Skip to main content
Advertising

Originally published Monday, April 8, 2013 at 7:12 PM

  • Share:
           
  • Comments (0)
  • Print

ADB sees India growth picking up to 6 percent

Domestic consumption could boost India's slowing economy to 6 percent growth this year, but the country may still fail to reach that level if it does not follow through on reforms to encourage investment, the Asian Development Bank said Tuesday.

Associated Press

Most Popular Comments
Hide / Show comments
No comments have been posted to this article.
Start the conversation >

advertising

NEW DELHI —

Domestic consumption could boost India's slowing economy to 6 percent growth this year, but the country may still fail to reach that level if it does not follow through on reforms to encourage investment, the Asian Development Bank said Tuesday.

High inflation, a key concern that is hampering India's scope to jump start the economy with lower interest rates, is forecast to ease to 7.2 percent this year from 7.5 percent last year, the ADB's Asian Development Outlook said.

The growth forecast is an improvement over disappointing numbers last year but still far short of what Asia's third-largest economy needs to create enough jobs for its huge, youthful population.

Just a few years ago, India was seen as a rising economic power that could even rival China, with its economy expanding at rates of over 9 percent. However, growth last year slowed to its lowest rate in a decade, estimated by the government at 5 percent.

The slowing growth has been paired with persistently high inflation. High prices, especially for food, limit the central bank's scope to reduce interest rates, although the Reserve Bank of India last month made its second cut this year to a key lending rate.

A population of 1.2 billion makes India a potentially blockbuster market. The ADB said in its forecast that domestic consumption, led by increased agricultural wages plus the prospect of exports reviving along with the global economy, will likely give a boost to India's economy this year.

But that consumer demand is offset by increasingly hesitant investment blamed on regulatory snarls, overburdened infrastructure, laws limiting foreign investment in certain sectors and widespread corruption. India ranks a low 132 out of 195 countries on the World Bank's annual ease of doing business survey.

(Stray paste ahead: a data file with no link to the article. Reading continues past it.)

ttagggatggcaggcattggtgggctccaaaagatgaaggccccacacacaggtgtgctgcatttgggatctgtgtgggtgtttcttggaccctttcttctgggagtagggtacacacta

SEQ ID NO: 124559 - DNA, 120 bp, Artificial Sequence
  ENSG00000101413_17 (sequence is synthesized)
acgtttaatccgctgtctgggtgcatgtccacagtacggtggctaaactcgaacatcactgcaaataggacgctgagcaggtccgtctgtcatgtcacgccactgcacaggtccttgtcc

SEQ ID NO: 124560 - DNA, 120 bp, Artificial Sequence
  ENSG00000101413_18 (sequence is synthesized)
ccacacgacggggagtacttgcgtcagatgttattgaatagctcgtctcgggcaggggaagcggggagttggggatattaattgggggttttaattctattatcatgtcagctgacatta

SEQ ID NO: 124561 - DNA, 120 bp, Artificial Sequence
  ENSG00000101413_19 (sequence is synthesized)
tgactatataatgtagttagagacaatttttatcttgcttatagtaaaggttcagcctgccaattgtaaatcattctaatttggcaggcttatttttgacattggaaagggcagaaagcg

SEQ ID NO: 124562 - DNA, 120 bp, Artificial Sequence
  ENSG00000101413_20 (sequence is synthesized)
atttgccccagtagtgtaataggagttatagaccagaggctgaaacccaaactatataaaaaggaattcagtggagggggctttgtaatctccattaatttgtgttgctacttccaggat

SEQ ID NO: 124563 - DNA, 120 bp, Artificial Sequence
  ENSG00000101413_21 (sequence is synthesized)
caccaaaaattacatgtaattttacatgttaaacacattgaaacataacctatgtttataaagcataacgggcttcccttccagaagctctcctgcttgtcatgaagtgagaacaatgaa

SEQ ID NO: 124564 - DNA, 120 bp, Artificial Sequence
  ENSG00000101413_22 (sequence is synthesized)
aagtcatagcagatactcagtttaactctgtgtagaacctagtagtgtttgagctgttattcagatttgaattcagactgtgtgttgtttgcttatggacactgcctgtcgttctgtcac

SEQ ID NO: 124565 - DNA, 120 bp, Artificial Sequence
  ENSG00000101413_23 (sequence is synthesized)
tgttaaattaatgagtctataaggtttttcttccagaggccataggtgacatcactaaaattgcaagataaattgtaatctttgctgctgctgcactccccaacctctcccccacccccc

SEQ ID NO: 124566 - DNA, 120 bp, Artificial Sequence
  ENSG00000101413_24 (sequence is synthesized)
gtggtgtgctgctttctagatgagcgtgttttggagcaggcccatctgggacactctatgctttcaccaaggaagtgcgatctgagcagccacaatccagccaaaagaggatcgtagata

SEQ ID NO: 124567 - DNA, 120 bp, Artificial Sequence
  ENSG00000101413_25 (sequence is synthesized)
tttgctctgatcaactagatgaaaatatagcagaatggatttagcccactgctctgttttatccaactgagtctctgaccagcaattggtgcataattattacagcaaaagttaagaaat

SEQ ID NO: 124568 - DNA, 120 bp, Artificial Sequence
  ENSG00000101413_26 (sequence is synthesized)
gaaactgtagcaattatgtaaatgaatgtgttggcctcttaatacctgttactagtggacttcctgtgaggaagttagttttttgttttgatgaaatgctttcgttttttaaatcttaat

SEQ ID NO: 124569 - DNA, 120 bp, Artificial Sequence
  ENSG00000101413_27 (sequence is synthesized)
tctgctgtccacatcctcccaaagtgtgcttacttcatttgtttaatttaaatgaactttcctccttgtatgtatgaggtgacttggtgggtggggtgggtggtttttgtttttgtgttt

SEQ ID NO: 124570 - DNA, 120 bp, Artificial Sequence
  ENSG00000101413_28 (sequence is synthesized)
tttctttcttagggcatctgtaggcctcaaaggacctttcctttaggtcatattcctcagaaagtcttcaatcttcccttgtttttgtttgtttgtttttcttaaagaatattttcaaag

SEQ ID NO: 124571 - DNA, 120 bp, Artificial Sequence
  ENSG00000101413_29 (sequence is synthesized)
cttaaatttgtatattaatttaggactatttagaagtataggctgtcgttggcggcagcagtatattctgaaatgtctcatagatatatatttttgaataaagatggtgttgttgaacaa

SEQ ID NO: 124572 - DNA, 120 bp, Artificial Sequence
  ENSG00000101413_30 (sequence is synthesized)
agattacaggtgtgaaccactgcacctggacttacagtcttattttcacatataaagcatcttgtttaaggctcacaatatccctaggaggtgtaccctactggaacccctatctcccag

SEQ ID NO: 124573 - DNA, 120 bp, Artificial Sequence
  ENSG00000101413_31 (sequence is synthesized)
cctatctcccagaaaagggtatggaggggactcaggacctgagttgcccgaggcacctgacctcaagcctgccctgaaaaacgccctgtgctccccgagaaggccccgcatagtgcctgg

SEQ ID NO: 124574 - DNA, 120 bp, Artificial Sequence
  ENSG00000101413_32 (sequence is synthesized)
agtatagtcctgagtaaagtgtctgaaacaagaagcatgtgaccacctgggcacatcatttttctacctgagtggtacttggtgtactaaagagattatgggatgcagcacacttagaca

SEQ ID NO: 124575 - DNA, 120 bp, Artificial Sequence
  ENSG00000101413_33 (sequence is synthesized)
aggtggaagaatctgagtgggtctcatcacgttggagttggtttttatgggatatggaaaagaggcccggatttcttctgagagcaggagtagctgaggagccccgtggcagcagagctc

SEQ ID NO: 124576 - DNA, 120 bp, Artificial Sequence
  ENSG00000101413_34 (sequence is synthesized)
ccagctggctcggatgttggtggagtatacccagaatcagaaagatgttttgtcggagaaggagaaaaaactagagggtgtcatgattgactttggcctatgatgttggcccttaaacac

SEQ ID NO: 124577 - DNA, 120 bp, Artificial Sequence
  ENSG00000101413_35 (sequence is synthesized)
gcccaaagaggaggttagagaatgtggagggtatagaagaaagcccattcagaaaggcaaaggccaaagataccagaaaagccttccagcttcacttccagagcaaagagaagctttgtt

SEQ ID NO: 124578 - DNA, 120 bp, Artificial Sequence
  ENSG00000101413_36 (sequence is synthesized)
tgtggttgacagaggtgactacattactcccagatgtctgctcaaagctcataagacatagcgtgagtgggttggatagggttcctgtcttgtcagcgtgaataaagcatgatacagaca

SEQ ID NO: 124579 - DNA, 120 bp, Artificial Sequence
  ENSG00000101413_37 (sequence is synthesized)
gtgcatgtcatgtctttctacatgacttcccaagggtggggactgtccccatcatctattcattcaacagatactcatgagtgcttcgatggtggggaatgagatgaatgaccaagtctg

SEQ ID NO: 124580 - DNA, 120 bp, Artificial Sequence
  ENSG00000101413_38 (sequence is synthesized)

More than half of India's population is under 30 years old and some 13 million Indians reach working age each year. India's finance ministry estimates the country needs at least 8 percent growth each year to create enough new jobs.

The ADB said GDP growth has the potential to reach 6 percent this year and 6.5 percent in 2014, but only if it takes steps to attract more foreign investment.

"Revival of investment is extremely critical to return to a path of 8-plus percent growth," said ADB senior economist Abhijit Sengupta. "However the recent data does not show this is going to happen immediately," he said. "Data from last year shows there is continuous downward trend in the announcement of new projects and an increase in the amount of shelved projects."

The government recently has sought to encourage foreign investment through reforms in September including allowing more foreign investment in retail, aviation, broadcasting and insurance.

Those measures have already sparked a recent bump in investor interest. Malaysia's AirAsia in February announced a budget airline joint venture with India's Tata conglomerate. Swedish retail giant IKEA is moving ahead with plans to open dozens of stores across the country after the government relaxed restrictions on foreign retailers. Critics said the long-delayed arrival of foreign-owned big box retailers would damage Indian small businesses.

However, Sengupta said India must open up further if it hopes to regain its previous high rate of growth.

"These are only the first steps towards improving the investment climate. It is pretty clear that further reforms are required to turn the investment cycle around," he said.

Among the next reforms under consideration by the government are easing restrictions on foreign investment in India's insurance industry and pension funds. Both are now capped at 26 percent, and the proposal is to raise that to 49 percent, which could result in billions of dollars of new investment, according to the ADB's principal economist Rana Hasan.

A land acquisition bill that would ease the regulatory burdens for building roads, factories and other projects also is crucial in removing barriers to improving infrastructure and encouraging both domestic and foreign investment, he said.

Prime Minister Manmohan Singh last week promised a group of prominent Indian business leaders that the government would cut red tape and invest in badly needed infrastructure such as electricity and transport. He urged business leaders not to succumb to a "mood of negativism."

News where, when and how you want it

Email Icon


Advertising
The Seattle Times

To keep reading, you need a subscription.

We hope you have enjoyed your complimentary access. Subscribe now for unlimited access!

Subscription options ►

Already a subscriber?

We've got good news for you. Unlimited seattletimes.com content access is included with most subscriptions.

Subscriber login ►